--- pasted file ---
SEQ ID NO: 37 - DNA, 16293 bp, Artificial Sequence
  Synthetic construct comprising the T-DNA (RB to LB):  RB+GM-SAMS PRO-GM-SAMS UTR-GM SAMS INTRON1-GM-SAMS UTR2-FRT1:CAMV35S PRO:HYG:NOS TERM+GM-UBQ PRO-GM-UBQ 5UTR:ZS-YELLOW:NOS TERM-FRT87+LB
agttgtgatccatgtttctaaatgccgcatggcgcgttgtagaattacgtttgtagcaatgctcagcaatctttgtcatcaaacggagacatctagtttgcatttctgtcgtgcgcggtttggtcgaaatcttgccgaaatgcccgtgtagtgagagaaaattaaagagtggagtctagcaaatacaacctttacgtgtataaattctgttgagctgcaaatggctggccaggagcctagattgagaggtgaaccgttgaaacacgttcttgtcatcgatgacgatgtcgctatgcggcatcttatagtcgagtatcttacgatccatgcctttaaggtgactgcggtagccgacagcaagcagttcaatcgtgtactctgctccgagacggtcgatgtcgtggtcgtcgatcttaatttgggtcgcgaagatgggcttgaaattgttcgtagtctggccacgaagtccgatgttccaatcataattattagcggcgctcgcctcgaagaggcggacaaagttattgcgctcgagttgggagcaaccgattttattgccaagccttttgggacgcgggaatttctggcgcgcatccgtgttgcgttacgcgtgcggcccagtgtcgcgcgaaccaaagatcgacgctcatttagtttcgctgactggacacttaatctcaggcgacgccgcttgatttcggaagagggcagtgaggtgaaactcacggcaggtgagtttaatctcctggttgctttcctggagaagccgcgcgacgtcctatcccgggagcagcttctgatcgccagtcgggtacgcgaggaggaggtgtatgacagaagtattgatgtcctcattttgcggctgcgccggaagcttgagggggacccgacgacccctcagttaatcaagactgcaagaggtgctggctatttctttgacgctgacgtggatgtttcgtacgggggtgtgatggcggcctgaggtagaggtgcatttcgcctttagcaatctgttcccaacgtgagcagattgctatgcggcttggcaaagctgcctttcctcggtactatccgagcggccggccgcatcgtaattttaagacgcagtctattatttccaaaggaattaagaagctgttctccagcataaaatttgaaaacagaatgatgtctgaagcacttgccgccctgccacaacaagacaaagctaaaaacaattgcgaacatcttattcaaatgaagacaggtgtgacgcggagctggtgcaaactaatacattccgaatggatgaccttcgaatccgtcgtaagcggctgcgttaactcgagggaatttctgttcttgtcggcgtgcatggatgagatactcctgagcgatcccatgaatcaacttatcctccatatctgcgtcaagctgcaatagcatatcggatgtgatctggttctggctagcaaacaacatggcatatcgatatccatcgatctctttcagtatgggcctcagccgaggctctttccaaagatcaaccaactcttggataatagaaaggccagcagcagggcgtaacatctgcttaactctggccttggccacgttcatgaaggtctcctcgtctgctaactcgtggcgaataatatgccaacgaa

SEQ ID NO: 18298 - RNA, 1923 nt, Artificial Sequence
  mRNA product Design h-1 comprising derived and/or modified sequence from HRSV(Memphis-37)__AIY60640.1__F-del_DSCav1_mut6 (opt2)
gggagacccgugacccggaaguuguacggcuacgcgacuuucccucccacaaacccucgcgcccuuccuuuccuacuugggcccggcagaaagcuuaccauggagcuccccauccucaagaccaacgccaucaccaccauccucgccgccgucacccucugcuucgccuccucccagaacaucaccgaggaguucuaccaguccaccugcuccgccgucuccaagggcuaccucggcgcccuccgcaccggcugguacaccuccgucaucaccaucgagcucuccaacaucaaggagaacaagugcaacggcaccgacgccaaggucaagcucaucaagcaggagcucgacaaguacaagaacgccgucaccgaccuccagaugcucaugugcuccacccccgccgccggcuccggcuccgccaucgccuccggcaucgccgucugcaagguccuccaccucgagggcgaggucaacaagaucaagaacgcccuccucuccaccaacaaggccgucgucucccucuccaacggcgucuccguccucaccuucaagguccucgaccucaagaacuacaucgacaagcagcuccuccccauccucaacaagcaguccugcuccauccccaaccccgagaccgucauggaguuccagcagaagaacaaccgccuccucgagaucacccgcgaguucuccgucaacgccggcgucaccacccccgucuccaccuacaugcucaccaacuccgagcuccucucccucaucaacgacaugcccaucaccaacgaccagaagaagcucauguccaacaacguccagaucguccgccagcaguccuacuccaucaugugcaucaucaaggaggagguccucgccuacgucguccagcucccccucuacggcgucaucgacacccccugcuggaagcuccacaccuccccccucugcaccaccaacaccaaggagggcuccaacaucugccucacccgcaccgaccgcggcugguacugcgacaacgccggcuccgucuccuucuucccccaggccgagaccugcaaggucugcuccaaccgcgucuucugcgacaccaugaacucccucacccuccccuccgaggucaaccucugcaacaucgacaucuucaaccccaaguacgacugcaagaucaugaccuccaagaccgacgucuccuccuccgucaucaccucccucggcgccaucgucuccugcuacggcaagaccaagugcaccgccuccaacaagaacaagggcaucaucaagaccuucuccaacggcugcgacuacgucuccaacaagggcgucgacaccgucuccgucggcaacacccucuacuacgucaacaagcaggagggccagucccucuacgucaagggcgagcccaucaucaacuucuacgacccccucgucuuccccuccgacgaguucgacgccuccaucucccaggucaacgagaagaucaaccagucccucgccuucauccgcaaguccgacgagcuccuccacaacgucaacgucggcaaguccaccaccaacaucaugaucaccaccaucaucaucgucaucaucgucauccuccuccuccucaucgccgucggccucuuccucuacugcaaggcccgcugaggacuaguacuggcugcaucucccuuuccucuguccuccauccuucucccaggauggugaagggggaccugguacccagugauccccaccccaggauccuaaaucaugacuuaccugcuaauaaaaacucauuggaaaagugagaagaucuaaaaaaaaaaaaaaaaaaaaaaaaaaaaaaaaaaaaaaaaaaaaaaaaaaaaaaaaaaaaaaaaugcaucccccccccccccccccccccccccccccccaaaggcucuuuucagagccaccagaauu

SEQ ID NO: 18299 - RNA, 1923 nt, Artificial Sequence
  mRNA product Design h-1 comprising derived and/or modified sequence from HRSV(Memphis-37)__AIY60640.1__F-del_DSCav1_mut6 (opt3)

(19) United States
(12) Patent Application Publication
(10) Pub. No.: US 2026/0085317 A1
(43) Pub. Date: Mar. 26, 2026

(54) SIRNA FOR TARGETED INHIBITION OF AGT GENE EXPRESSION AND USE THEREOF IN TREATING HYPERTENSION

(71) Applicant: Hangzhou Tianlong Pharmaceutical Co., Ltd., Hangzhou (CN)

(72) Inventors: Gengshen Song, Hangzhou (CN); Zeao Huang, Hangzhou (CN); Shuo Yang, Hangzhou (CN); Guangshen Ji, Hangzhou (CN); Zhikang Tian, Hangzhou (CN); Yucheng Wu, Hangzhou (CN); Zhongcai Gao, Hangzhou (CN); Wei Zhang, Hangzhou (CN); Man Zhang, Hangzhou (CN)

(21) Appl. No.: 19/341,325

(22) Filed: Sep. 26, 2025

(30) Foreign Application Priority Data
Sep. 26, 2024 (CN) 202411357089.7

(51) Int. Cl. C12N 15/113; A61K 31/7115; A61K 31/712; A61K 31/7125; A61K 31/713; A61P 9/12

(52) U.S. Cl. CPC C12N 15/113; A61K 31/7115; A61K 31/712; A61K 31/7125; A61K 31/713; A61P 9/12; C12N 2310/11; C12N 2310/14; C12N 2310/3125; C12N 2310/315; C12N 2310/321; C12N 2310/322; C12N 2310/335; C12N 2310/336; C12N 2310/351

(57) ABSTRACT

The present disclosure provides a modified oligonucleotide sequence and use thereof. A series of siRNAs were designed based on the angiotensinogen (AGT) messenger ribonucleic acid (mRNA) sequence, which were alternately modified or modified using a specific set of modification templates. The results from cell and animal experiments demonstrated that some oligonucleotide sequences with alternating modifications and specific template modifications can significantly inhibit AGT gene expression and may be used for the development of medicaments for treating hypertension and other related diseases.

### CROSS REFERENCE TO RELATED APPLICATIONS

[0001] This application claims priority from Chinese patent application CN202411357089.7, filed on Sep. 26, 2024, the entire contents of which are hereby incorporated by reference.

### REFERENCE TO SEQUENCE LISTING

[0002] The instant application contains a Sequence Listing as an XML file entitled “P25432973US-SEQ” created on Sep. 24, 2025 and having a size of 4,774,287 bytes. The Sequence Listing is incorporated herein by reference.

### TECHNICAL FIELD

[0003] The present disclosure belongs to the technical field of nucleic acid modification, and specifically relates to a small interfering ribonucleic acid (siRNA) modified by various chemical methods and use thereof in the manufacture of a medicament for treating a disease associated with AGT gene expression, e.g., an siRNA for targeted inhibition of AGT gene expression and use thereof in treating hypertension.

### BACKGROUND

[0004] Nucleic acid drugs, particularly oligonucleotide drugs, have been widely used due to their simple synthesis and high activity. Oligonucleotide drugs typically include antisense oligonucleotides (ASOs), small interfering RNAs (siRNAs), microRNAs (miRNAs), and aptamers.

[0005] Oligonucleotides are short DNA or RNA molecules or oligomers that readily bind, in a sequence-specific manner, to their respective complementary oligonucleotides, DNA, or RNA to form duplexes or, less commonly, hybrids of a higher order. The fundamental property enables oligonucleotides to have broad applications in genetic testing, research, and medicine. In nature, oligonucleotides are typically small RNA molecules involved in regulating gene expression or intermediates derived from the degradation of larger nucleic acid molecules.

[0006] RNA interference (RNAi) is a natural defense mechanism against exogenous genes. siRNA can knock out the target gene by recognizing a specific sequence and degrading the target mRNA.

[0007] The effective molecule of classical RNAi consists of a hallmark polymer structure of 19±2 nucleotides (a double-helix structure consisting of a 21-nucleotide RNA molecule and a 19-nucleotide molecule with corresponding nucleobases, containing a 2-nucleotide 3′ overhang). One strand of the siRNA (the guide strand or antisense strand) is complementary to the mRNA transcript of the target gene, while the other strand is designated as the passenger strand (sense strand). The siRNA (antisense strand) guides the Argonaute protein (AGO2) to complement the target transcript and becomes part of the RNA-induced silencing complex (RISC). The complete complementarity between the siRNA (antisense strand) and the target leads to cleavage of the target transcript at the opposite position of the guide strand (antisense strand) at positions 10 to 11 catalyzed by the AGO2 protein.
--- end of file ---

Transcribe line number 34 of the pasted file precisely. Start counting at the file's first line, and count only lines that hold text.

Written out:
[0007] The effective molecule of classical RNAi consists of a hallmark polymer structure of 19±2 nucleotides (a double-helix structure consisting of a 21-nucleotide RNA molecule and a 19-nucleotide molecule with corresponding nucleobases, containing a 2-nucleotide 3′ overhang). One strand of the siRNA (the guide strand or antisense strand) is complementary to the mRNA transcript of the target gene, while the other strand is designated as the passenger strand (sense strand). The siRNA (antisense strand) guides the Argonaute protein (AGO2) to complement the target transcript and becomes part of the RNA-induced silencing complex (RISC). The complete complementarity between the siRNA (antisense strand) and the target leads to cleavage of the target transcript at the opposite position of the guide strand (antisense strand) at positions 10 to 11 catalyzed by the AGO2 protein.